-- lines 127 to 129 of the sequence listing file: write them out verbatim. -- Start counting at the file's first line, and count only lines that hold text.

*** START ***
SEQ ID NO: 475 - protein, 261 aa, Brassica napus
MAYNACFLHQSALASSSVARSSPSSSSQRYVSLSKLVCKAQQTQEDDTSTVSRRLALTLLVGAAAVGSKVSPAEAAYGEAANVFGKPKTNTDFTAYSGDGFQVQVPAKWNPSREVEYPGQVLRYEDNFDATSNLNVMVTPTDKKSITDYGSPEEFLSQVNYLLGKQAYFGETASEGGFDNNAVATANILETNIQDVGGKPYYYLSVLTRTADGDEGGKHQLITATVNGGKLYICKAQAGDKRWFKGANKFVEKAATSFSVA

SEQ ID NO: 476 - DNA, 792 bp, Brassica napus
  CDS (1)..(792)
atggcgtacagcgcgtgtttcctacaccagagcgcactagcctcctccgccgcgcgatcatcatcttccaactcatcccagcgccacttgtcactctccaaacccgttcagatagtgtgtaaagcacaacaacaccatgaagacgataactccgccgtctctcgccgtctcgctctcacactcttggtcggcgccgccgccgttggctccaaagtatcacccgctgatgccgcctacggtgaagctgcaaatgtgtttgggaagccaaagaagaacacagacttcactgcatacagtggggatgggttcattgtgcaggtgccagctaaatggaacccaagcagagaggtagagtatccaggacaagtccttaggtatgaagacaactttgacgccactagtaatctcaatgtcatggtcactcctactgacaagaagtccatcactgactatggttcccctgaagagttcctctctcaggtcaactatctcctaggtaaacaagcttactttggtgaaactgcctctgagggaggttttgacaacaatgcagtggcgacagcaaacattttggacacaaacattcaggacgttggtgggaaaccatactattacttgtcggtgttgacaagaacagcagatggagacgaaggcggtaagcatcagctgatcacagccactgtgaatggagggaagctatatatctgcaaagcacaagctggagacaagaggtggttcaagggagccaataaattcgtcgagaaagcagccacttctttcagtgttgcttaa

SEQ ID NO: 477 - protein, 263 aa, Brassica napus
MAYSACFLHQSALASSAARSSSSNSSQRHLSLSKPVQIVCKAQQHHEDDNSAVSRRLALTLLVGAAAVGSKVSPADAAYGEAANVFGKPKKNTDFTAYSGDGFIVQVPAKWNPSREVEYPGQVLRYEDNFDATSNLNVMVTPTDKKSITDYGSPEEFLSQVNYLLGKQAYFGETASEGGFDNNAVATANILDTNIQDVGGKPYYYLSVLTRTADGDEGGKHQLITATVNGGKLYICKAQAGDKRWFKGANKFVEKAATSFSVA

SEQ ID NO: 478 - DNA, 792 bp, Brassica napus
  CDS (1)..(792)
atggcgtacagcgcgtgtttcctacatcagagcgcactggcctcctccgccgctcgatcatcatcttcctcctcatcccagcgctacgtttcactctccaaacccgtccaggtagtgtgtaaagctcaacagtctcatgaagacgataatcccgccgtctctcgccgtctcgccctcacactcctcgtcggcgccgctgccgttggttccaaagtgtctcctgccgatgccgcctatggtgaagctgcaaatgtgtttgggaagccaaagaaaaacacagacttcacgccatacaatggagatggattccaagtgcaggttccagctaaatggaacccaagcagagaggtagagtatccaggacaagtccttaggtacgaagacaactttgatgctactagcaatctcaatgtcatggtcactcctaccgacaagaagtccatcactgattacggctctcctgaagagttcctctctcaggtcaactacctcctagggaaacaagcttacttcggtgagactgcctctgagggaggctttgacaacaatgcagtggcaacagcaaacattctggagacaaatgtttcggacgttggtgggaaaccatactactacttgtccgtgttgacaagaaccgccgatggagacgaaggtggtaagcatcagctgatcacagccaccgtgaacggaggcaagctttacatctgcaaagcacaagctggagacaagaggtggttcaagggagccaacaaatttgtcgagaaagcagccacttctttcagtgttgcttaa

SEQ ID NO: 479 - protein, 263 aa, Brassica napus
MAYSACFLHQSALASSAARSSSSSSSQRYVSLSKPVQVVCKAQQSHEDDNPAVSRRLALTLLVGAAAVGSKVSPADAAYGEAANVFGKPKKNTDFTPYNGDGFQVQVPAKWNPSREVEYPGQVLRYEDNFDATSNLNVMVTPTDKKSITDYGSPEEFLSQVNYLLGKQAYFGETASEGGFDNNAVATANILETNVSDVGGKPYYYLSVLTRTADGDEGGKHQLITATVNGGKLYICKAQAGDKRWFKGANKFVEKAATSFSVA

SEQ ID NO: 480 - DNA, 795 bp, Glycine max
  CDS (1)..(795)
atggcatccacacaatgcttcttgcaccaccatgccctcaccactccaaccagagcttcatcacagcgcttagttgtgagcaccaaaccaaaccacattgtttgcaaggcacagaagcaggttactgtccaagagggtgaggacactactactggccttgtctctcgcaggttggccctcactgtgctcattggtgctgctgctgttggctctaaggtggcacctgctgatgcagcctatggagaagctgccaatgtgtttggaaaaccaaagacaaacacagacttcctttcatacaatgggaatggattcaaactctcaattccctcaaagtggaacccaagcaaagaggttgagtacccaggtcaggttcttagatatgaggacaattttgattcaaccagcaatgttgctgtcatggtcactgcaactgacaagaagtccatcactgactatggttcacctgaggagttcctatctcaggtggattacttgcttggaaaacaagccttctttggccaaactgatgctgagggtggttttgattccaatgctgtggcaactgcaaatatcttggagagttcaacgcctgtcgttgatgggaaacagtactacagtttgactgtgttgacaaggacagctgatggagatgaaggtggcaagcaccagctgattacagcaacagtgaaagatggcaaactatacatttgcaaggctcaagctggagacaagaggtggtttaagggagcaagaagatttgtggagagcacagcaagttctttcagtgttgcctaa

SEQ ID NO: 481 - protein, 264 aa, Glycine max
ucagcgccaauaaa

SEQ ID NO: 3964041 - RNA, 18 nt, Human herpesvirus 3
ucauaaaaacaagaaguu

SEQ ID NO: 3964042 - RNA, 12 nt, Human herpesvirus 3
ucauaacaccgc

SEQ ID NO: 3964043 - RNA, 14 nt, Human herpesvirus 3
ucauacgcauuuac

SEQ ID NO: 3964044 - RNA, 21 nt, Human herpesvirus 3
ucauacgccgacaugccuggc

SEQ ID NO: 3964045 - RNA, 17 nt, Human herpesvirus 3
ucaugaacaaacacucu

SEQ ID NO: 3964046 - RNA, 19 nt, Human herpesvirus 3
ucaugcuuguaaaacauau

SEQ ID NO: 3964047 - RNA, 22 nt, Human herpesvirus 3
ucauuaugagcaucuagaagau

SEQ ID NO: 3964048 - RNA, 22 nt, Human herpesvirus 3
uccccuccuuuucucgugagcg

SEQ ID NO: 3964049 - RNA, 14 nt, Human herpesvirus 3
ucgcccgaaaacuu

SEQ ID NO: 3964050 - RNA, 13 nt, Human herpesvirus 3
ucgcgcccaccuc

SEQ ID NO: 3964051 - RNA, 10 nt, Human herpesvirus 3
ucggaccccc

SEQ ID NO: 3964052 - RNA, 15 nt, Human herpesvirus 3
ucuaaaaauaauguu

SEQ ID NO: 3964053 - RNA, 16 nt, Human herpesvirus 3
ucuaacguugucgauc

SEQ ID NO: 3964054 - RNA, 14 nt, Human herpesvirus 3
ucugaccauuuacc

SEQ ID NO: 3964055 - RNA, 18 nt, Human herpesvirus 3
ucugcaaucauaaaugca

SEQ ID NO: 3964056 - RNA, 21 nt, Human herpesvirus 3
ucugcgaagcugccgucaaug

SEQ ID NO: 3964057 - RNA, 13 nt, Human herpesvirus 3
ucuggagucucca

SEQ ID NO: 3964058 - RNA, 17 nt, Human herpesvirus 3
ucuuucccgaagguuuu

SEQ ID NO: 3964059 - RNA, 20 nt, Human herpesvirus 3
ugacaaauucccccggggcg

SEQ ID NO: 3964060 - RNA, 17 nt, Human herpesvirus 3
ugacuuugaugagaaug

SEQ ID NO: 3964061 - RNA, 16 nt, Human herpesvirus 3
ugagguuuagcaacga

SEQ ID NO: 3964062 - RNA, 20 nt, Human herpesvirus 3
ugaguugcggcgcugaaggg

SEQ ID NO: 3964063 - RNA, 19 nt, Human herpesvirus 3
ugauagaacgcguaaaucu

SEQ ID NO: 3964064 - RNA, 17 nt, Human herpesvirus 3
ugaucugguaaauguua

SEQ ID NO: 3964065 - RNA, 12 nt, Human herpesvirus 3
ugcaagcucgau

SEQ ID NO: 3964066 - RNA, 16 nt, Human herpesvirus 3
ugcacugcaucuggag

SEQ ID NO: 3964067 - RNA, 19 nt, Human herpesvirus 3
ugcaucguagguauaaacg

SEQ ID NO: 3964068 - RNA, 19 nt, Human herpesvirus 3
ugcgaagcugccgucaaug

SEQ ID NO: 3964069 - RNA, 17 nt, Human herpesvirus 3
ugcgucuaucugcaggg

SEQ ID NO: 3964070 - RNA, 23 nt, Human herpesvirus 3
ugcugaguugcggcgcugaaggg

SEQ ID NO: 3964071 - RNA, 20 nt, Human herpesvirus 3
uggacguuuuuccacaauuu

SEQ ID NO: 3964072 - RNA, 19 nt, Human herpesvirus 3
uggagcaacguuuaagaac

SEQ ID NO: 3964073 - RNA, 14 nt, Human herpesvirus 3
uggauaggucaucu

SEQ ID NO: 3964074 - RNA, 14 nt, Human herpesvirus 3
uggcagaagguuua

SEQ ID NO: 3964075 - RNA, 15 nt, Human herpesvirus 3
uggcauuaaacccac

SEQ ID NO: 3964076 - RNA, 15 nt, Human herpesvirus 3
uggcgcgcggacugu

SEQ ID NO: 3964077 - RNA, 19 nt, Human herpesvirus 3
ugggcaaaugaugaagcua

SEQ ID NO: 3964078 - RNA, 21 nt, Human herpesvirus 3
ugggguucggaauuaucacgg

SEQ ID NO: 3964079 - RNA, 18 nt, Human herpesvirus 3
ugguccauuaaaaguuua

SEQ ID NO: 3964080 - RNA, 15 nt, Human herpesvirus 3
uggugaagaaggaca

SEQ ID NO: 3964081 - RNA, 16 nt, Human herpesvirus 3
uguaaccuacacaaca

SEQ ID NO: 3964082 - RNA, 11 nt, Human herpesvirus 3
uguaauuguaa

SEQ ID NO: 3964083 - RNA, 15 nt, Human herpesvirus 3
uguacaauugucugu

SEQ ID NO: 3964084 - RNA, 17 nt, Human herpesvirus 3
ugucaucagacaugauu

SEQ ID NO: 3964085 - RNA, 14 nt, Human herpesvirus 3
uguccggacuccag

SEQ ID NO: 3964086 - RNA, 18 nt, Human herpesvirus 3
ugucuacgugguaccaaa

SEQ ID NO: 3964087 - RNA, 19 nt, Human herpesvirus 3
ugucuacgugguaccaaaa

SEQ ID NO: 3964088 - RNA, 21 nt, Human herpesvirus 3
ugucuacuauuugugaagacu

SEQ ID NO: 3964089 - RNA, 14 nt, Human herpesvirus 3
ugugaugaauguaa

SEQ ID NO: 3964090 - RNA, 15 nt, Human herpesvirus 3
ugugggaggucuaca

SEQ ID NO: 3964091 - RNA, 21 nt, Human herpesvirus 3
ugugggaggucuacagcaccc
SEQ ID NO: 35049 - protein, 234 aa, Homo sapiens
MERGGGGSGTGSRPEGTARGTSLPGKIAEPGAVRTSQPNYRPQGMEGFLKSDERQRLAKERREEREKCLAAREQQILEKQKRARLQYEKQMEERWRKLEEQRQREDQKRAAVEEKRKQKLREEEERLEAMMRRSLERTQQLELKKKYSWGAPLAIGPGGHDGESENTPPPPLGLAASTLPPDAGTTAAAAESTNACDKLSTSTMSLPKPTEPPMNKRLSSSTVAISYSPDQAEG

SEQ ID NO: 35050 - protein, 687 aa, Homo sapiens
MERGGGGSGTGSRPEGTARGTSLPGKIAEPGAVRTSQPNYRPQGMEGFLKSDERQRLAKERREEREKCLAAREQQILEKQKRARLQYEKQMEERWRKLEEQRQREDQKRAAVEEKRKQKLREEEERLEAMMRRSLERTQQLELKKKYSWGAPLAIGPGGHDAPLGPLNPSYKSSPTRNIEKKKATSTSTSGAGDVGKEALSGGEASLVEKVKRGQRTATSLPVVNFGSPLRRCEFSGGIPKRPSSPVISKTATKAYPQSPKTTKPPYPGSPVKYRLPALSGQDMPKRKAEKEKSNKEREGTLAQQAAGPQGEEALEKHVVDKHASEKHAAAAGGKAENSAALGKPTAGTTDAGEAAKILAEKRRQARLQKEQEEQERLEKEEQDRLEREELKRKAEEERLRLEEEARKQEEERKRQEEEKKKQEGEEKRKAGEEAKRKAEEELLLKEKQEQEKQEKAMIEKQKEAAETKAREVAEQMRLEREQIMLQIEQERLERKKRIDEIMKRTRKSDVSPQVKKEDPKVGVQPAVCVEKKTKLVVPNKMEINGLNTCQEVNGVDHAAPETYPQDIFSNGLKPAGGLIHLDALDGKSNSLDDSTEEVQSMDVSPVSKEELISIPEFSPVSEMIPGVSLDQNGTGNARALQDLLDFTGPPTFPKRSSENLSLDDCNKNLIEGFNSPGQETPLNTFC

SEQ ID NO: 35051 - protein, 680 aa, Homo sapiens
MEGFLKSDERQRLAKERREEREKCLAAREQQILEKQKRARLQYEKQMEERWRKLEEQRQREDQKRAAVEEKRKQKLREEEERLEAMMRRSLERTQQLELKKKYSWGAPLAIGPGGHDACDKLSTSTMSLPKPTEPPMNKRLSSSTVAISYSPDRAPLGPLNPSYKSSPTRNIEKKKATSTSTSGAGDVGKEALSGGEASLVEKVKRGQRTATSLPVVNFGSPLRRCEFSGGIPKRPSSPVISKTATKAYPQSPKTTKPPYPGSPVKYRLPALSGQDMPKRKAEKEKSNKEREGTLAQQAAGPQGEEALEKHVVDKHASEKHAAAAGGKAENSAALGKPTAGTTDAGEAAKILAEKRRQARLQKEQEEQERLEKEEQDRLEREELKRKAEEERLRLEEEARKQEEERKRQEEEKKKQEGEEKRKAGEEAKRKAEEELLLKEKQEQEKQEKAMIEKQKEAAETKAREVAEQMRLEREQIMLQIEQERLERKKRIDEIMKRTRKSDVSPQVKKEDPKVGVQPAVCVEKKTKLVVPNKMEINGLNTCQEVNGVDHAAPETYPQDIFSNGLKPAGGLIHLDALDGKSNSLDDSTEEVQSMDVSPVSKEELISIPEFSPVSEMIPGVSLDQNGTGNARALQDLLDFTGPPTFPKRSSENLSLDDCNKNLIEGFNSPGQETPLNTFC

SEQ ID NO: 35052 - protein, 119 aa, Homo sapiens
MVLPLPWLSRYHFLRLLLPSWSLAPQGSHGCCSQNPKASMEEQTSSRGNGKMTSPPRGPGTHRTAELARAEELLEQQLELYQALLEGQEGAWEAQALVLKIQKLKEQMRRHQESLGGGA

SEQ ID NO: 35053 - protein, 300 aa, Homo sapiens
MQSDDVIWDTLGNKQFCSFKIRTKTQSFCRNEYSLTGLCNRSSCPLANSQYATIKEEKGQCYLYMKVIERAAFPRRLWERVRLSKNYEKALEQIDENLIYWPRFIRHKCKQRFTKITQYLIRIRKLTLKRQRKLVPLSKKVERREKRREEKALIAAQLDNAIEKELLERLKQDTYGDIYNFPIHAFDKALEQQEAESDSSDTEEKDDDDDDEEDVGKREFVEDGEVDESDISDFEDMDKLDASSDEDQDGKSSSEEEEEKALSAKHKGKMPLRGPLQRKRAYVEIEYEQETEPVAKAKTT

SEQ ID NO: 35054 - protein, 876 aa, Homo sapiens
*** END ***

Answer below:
MVLPLPWLSRYHFLRLLLPSWSLAPQGSHGCCSQNPKASMEEQTSSRGNGKMTSPPRGPGTHRTAELARAEELLEQQLELYQALLEGQEGAWEAQALVLKIQKLKEQMRRHQESLGGGA

SEQ ID NO: 35053 - protein, 300 aa, Homo sapiens
MQSDDVIWDTLGNKQFCSFKIRTKTQSFCRNEYSLTGLCNRSSCPLANSQYATIKEEKGQCYLYMKVIERAAFPRRLWERVRLSKNYEKALEQIDENLIYWPRFIRHKCKQRFTKITQYLIRIRKLTLKRQRKLVPLSKKVERREKRREEKALIAAQLDNAIEKELLERLKQDTYGDIYNFPIHAFDKALEQQEAESDSSDTEEKDDDDDDEEDVGKREFVEDGEVDESDISDFEDMDKLDASSDEDQDGKSSSEEEEEKALSAKHKGKMPLRGPLQRKRAYVEIEYEQETEPVAKAKTT